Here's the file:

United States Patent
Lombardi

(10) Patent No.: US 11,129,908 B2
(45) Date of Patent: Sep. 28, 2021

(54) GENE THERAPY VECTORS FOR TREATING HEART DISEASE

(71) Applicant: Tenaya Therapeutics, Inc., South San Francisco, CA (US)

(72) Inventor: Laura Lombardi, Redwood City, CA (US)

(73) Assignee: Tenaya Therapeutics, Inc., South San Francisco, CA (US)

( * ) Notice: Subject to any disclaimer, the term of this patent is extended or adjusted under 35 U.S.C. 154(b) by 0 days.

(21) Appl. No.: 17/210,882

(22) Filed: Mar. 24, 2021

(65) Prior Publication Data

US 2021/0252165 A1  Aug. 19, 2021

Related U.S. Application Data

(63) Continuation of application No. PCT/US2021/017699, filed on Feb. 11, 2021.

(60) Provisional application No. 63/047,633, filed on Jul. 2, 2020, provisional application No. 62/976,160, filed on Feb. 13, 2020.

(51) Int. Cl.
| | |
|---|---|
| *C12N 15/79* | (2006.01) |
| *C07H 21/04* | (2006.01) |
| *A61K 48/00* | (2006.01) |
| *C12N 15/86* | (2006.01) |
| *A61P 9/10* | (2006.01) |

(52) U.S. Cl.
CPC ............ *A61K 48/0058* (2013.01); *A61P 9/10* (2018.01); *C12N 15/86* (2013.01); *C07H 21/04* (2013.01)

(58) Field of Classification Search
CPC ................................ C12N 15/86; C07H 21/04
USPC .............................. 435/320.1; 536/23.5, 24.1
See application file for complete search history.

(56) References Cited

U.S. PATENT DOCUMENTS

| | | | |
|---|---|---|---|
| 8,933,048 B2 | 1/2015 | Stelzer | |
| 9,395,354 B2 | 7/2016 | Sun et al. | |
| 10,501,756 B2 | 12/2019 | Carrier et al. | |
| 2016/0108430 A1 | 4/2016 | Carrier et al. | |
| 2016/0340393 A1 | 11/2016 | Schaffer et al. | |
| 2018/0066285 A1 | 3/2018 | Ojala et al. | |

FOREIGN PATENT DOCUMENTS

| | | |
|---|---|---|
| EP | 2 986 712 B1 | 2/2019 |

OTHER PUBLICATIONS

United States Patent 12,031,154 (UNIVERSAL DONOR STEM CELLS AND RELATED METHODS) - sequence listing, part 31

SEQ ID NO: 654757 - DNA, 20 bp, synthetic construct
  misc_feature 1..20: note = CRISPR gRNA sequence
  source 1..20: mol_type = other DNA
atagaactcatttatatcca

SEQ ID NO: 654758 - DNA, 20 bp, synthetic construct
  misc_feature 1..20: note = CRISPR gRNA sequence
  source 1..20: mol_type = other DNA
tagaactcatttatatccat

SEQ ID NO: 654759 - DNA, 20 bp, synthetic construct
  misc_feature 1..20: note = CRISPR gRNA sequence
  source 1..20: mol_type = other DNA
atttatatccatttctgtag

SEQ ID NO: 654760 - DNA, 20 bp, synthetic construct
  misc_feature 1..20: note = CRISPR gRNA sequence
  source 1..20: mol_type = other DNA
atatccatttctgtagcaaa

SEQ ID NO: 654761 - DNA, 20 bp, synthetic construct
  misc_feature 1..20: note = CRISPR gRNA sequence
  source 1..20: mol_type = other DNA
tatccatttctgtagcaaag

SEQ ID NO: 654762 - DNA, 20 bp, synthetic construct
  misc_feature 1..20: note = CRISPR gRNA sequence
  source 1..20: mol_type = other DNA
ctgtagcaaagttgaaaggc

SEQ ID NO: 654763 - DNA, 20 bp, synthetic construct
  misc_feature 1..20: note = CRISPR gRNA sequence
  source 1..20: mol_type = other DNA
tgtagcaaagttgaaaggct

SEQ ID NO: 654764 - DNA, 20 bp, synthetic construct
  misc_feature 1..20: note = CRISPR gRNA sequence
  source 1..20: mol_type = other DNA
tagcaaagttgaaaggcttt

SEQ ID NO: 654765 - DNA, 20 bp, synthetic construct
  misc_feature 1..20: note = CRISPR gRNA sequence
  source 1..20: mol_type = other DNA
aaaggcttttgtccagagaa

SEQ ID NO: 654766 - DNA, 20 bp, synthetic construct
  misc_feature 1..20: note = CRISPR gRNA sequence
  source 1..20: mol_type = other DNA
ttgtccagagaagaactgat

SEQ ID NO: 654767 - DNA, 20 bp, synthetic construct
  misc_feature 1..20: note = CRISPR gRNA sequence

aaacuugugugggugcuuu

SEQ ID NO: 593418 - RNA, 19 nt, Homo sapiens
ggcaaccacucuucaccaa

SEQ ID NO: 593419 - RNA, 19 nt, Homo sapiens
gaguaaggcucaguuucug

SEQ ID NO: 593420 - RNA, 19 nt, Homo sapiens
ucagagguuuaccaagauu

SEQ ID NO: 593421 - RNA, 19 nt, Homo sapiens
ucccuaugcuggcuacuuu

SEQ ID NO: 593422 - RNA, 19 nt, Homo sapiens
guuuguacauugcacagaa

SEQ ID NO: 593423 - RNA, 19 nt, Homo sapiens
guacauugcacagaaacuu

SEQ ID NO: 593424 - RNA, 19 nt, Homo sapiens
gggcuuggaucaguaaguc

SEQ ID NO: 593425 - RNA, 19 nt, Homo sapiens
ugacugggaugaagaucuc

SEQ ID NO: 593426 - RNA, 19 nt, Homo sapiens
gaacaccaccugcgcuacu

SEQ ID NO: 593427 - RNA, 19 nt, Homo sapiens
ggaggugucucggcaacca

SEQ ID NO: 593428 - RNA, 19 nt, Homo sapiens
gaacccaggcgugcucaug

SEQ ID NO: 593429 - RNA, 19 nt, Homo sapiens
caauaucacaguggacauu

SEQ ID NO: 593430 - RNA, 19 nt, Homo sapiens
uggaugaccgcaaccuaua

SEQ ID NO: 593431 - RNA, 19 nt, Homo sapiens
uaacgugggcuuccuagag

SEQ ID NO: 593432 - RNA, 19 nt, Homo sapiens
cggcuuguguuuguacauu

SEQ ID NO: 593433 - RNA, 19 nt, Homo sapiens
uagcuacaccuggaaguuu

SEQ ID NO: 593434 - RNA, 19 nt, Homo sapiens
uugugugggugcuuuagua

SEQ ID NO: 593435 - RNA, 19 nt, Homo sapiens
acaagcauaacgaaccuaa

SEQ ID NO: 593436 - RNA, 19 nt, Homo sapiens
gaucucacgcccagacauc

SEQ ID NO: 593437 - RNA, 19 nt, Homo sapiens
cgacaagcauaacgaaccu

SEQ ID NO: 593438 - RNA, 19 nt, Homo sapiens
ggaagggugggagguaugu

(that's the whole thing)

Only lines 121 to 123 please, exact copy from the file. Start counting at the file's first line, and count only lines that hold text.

uagcuacaccuggaaguuu

SEQ ID NO: 593434 - RNA, 19 nt, Homo sapiens
uugugugggugcuuuagua